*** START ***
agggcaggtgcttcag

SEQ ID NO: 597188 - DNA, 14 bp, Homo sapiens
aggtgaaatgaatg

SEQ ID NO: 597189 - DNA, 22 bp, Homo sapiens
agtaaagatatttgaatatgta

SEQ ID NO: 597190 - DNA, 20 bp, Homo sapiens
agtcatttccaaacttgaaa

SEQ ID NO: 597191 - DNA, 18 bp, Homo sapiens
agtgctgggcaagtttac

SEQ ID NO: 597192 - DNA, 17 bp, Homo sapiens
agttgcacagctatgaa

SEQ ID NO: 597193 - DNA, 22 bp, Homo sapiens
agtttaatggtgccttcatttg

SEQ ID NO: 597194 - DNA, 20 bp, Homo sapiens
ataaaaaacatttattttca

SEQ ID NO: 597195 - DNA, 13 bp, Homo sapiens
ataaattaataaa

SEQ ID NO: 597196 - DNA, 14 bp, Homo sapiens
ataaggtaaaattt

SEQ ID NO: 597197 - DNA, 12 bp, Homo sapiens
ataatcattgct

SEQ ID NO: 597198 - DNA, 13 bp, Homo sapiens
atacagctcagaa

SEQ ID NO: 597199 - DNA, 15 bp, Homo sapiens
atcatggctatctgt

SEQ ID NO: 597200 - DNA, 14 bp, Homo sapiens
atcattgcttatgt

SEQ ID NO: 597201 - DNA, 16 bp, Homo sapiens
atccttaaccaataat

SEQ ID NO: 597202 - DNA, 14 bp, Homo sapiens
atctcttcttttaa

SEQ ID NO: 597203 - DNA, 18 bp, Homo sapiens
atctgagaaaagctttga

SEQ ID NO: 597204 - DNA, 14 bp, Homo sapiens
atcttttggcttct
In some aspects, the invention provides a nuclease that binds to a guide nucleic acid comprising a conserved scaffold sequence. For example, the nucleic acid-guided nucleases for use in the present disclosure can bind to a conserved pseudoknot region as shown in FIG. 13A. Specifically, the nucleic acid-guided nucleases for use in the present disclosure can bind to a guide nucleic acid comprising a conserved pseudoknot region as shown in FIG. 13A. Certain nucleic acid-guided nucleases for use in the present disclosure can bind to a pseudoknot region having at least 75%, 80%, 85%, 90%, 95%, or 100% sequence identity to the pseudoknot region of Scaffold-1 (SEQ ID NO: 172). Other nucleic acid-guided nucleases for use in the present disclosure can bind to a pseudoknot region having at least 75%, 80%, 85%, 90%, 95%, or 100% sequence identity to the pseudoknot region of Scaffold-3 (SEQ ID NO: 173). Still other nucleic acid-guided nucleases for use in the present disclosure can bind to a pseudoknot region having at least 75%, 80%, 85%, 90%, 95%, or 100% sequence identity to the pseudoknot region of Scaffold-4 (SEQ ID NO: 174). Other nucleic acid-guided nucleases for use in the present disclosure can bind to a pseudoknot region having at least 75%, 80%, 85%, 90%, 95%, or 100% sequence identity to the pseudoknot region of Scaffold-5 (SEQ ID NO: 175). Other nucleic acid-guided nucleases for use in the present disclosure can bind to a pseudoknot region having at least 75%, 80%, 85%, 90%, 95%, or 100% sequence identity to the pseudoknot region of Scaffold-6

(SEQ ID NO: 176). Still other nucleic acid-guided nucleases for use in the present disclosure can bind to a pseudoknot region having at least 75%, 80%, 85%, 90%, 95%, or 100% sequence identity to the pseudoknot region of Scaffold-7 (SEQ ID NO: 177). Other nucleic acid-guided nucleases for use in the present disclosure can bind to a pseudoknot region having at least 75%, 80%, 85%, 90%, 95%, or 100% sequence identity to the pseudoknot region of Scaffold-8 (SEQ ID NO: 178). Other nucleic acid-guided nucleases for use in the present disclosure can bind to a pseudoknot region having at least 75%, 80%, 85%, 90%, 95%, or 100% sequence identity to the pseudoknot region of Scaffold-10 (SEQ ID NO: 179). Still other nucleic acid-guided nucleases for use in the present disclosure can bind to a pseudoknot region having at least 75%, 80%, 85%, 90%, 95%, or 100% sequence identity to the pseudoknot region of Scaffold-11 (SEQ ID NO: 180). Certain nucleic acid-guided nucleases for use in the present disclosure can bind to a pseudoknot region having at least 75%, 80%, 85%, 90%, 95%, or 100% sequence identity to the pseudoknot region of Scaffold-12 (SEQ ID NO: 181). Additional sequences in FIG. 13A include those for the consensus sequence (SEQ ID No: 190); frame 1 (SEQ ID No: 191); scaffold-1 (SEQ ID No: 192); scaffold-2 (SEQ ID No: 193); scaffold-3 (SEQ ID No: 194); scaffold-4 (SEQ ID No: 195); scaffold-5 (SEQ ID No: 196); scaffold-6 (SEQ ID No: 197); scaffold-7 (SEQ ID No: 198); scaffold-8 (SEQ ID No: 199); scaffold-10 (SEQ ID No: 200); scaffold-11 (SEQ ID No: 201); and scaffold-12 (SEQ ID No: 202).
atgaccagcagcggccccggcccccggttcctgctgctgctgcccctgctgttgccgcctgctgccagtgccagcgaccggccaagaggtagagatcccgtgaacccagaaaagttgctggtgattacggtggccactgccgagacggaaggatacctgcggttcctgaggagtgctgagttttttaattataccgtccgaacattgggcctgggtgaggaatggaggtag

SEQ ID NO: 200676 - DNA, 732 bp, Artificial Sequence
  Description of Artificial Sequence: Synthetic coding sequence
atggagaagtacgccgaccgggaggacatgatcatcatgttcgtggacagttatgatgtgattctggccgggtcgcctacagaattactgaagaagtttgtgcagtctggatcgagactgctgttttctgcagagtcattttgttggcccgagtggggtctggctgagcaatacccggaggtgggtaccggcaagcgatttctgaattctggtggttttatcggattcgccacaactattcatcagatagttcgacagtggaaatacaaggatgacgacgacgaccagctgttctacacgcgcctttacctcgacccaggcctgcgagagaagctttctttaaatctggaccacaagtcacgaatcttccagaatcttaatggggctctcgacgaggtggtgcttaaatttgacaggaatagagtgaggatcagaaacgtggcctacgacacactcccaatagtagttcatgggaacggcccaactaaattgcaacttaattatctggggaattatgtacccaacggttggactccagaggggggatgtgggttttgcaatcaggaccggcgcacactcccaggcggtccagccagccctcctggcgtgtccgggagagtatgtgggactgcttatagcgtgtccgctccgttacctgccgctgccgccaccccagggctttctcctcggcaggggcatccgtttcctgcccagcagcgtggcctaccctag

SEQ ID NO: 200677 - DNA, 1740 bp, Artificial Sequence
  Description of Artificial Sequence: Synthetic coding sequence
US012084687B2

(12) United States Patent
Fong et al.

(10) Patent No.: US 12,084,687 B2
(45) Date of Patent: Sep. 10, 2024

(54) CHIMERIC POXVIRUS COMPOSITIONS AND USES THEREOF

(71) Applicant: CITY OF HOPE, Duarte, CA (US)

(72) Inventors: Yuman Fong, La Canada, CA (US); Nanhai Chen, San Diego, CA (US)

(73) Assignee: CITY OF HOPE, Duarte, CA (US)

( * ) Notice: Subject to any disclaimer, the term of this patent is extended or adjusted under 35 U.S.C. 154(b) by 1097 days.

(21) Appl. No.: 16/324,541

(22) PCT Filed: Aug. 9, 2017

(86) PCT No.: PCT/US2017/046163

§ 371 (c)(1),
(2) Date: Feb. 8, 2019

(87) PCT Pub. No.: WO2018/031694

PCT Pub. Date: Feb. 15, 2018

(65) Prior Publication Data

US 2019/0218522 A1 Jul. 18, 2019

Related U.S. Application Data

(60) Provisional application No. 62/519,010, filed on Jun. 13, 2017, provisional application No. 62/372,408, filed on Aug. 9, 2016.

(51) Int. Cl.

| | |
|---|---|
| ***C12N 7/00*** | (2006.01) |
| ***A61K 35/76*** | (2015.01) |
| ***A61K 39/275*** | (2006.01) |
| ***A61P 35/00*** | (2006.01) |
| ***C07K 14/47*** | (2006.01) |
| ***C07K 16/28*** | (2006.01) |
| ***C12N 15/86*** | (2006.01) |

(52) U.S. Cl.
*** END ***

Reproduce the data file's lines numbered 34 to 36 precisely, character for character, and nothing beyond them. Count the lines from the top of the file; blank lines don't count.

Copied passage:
SEQ ID NO: 597204 - DNA, 14 bp, Homo sapiens
atcttttggcttct
In some aspects, the invention provides a nuclease that binds to a guide nucleic acid comprising a conserved scaffold sequence. For example, the nucleic acid-guided nucleases for use in the present disclosure can bind to a conserved pseudoknot region as shown in FIG. 13A. Specifically, the nucleic acid-guided nucleases for use in the present disclosure can bind to a guide nucleic acid comprising a conserved pseudoknot region as shown in FIG. 13A. Certain nucleic acid-guided nucleases for use in the present disclosure can bind to a pseudoknot region having at least 75%, 80%, 85%, 90%, 95%, or 100% sequence identity to the pseudoknot region of Scaffold-1 (SEQ ID NO: 172). Other nucleic acid-guided nucleases for use in the present disclosure can bind to a pseudoknot region having at least 75%, 80%, 85%, 90%, 95%, or 100% sequence identity to the pseudoknot region of Scaffold-3 (SEQ ID NO: 173). Still other nucleic acid-guided nucleases for use in the present disclosure can bind to a pseudoknot region having at least 75%, 80%, 85%, 90%, 95%, or 100% sequence identity to the pseudoknot region of Scaffold-4 (SEQ ID NO: 174). Other nucleic acid-guided nucleases for use in the present disclosure can bind to a pseudoknot region having at least 75%, 80%, 85%, 90%, 95%, or 100% sequence identity to the pseudoknot region of Scaffold-5 (SEQ ID NO: 175). Other nucleic acid-guided nucleases for use in the present disclosure can bind to a pseudoknot region having at least 75%, 80%, 85%, 90%, 95%, or 100% sequence identity to the pseudoknot region of Scaffold-6